Closing the Supply Chain Gap With Lean

In a reinforcement of the beliefs of those of us who are lean advocates, according to a new academic study, supply chain experts agree you need to focus on the process (read: take a lean approach) to succeed in today’s world.

            The study was described at the recent APICS conference by three of its authors: Dr. Steven Melnyk of Michigan State University, Dr. Rhonda Lummus of Iowa State, and Dr. Robert Vokurka of Texas A&M. (Joe Sandor of Michigan State was the fourth author.)

            The study, designed to identify critical supply chain issues facing managers in 2010 and beyond, involved two groups of supply chain experts – one of corporate executives, the other of academics. They responded to questions, then took part in a workshop.

            The top issues the experts identified are:

  • Supply chain disruptions and supply chain risk
  • Leadership within the supply chain
  • Managing the timely delivery of goods and services
  • Managing product innovation by drawing on the capabilities of the supply chain
  • Implementing appropriate technology to allow seamless exchange of information within the supply chain

            The experts then identified 16 initiatives to get there from here, and summarized those initiatives into six strategic initiatives.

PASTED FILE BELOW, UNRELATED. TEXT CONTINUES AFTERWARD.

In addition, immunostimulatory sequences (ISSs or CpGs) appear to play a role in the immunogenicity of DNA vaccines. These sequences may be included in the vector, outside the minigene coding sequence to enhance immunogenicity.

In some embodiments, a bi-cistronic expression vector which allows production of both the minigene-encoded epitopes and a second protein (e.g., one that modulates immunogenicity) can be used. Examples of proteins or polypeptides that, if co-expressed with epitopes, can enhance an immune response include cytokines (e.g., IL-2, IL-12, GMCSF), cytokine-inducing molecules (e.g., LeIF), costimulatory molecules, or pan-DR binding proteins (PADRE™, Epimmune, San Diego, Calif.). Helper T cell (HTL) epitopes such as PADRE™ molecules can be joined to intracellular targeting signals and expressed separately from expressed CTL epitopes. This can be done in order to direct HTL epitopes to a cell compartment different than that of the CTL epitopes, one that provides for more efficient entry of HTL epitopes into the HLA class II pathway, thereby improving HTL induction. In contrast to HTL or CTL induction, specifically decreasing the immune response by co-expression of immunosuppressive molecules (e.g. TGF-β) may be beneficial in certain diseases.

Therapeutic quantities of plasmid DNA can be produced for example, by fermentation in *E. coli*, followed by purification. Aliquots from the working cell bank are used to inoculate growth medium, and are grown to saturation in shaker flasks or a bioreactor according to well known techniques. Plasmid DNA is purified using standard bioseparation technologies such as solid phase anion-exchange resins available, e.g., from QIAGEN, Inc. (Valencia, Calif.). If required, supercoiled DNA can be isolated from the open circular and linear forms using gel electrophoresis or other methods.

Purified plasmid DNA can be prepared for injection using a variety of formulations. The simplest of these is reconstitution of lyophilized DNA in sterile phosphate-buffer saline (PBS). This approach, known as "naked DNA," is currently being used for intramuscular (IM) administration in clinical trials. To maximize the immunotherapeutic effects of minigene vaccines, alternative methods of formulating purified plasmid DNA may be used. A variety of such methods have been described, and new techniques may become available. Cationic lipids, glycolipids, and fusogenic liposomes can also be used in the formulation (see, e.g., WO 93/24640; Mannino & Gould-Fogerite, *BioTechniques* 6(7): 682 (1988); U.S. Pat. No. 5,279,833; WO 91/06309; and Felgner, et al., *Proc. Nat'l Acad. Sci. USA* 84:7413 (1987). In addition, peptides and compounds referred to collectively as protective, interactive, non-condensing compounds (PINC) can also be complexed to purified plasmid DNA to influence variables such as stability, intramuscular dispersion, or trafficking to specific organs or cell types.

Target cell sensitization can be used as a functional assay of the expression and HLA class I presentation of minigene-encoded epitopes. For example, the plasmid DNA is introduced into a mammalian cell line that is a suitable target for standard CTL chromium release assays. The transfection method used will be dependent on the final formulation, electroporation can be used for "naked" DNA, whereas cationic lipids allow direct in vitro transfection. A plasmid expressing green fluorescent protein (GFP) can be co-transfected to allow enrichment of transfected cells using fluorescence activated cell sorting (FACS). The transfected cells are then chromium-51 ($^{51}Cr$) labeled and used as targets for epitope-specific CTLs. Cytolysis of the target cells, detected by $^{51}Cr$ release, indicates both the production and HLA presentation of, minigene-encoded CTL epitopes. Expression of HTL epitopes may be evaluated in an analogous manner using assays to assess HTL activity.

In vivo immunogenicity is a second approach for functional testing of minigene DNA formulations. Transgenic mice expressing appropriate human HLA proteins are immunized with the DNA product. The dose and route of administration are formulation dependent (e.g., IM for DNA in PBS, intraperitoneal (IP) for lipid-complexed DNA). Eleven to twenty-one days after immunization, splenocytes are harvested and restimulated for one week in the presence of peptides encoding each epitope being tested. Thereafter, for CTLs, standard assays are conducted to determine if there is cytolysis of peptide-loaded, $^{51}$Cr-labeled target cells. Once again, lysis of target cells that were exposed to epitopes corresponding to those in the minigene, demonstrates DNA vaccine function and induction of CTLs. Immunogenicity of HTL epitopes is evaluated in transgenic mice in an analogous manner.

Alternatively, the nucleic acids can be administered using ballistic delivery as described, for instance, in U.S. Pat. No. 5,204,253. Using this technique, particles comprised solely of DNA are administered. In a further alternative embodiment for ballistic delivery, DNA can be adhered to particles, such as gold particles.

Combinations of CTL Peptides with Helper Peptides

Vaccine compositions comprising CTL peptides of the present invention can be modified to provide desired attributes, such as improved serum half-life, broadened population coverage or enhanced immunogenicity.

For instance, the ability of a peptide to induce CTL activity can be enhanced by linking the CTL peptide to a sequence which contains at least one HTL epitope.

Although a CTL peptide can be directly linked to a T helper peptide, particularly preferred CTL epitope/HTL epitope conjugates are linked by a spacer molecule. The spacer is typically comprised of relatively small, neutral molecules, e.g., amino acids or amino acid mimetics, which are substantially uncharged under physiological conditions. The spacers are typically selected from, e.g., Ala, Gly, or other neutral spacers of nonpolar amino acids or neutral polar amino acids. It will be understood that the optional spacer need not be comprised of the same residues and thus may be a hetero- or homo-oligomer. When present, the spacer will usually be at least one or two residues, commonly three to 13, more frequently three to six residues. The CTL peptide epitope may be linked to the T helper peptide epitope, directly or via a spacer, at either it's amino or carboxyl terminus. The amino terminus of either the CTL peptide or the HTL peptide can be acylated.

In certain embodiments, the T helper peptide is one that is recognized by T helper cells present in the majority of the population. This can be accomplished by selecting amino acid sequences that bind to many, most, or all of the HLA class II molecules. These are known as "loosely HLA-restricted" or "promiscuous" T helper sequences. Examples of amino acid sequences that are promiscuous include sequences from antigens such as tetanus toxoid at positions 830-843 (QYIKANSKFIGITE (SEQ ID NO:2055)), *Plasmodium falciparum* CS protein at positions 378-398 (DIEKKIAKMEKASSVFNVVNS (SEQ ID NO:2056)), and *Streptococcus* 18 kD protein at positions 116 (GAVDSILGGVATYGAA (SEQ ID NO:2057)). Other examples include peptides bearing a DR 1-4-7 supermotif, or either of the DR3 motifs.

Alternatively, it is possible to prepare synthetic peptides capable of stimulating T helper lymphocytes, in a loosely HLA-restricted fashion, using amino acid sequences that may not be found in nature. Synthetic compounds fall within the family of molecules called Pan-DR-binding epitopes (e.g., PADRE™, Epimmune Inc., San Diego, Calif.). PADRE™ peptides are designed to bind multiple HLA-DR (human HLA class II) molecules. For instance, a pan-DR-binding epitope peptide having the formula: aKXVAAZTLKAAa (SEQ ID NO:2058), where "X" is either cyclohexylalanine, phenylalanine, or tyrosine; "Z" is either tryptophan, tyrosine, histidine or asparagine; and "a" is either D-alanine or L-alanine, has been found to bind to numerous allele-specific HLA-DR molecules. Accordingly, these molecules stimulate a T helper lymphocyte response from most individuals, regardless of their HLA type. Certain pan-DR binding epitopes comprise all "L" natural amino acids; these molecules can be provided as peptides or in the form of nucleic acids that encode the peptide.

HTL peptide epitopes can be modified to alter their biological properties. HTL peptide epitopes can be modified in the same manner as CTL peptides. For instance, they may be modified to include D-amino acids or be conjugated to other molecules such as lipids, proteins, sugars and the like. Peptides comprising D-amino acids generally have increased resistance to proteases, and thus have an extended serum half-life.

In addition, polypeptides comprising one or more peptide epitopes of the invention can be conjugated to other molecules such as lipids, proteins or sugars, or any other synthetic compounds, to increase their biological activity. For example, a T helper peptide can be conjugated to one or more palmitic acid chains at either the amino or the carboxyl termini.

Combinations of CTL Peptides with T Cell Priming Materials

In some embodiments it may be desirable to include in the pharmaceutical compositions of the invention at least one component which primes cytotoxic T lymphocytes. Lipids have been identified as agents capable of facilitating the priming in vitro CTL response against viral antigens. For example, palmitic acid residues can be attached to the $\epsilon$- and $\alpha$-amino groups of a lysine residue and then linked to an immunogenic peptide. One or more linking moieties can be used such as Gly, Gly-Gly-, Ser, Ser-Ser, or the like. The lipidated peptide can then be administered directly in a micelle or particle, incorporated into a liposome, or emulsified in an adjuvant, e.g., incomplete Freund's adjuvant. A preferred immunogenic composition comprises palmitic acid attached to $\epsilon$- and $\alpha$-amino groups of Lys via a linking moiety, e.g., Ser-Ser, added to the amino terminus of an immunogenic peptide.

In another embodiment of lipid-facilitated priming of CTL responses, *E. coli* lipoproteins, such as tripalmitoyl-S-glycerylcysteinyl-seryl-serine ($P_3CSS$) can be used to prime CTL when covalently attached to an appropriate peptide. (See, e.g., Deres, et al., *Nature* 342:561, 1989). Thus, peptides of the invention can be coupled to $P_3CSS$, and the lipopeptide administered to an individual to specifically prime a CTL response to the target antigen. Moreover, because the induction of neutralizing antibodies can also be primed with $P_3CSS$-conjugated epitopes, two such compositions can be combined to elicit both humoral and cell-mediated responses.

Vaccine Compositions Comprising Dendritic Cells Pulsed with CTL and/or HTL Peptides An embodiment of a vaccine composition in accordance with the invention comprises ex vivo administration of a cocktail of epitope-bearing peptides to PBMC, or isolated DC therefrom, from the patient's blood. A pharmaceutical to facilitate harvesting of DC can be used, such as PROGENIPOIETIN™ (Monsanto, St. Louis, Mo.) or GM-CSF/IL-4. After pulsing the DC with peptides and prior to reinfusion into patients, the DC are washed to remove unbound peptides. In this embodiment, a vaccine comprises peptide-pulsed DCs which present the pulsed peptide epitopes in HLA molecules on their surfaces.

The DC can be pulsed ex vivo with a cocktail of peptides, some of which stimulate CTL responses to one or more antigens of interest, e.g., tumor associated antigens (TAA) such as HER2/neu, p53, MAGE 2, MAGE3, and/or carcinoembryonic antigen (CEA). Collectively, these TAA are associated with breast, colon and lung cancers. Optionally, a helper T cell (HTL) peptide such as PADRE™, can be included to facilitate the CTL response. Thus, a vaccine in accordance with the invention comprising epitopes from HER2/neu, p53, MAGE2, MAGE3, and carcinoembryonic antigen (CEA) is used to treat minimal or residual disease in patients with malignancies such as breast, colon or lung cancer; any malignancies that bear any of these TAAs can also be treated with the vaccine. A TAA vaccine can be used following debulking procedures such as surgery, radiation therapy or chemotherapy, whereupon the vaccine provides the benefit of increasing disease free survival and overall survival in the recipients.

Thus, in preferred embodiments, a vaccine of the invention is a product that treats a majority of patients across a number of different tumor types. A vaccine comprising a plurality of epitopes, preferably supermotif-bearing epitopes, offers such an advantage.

Of the six, the one that jumps out at me is “Manage through a process orientation with appropriate measures.” That sure sounds like a description of what you do when taking a lean approach. Lean is all about focusing on the process and making sure you measure what really needs to be measured.

            The five other strategic initiatives are:

  • Achieve strategic visibility/alignment and information integration
  • Acquire exemplary supply chain talent and leaders
  • Utilize supply chain optimization models (e.g., risk, cost)
  • Focus on relationship building and trust both between and within companies
  • Align and realign supply chain architecture/structure

            Like me, you may be thinking that while everything described so far is good, it doesn’t tell us a lot we don’t already know.

            But don’t despair: There may be something of more practical value available in the future. The study is moving into a new phase, with the survey participants involved in subgroups that will focus on identifying management practices and research agendas that may help close the gap between current performance and future needs. The subgroup areas are operational, strategic, collaboration, metrics, risk and cost models.

            And according to the survey authors, identifying those best practices is critical. In an executive summary prepared for the conference, they wrote, “Those organizations that are best at closing the gap will have a competitive advantage. Those who have not prepared for the future will face unacceptable risk and higher total cost.”


No comments: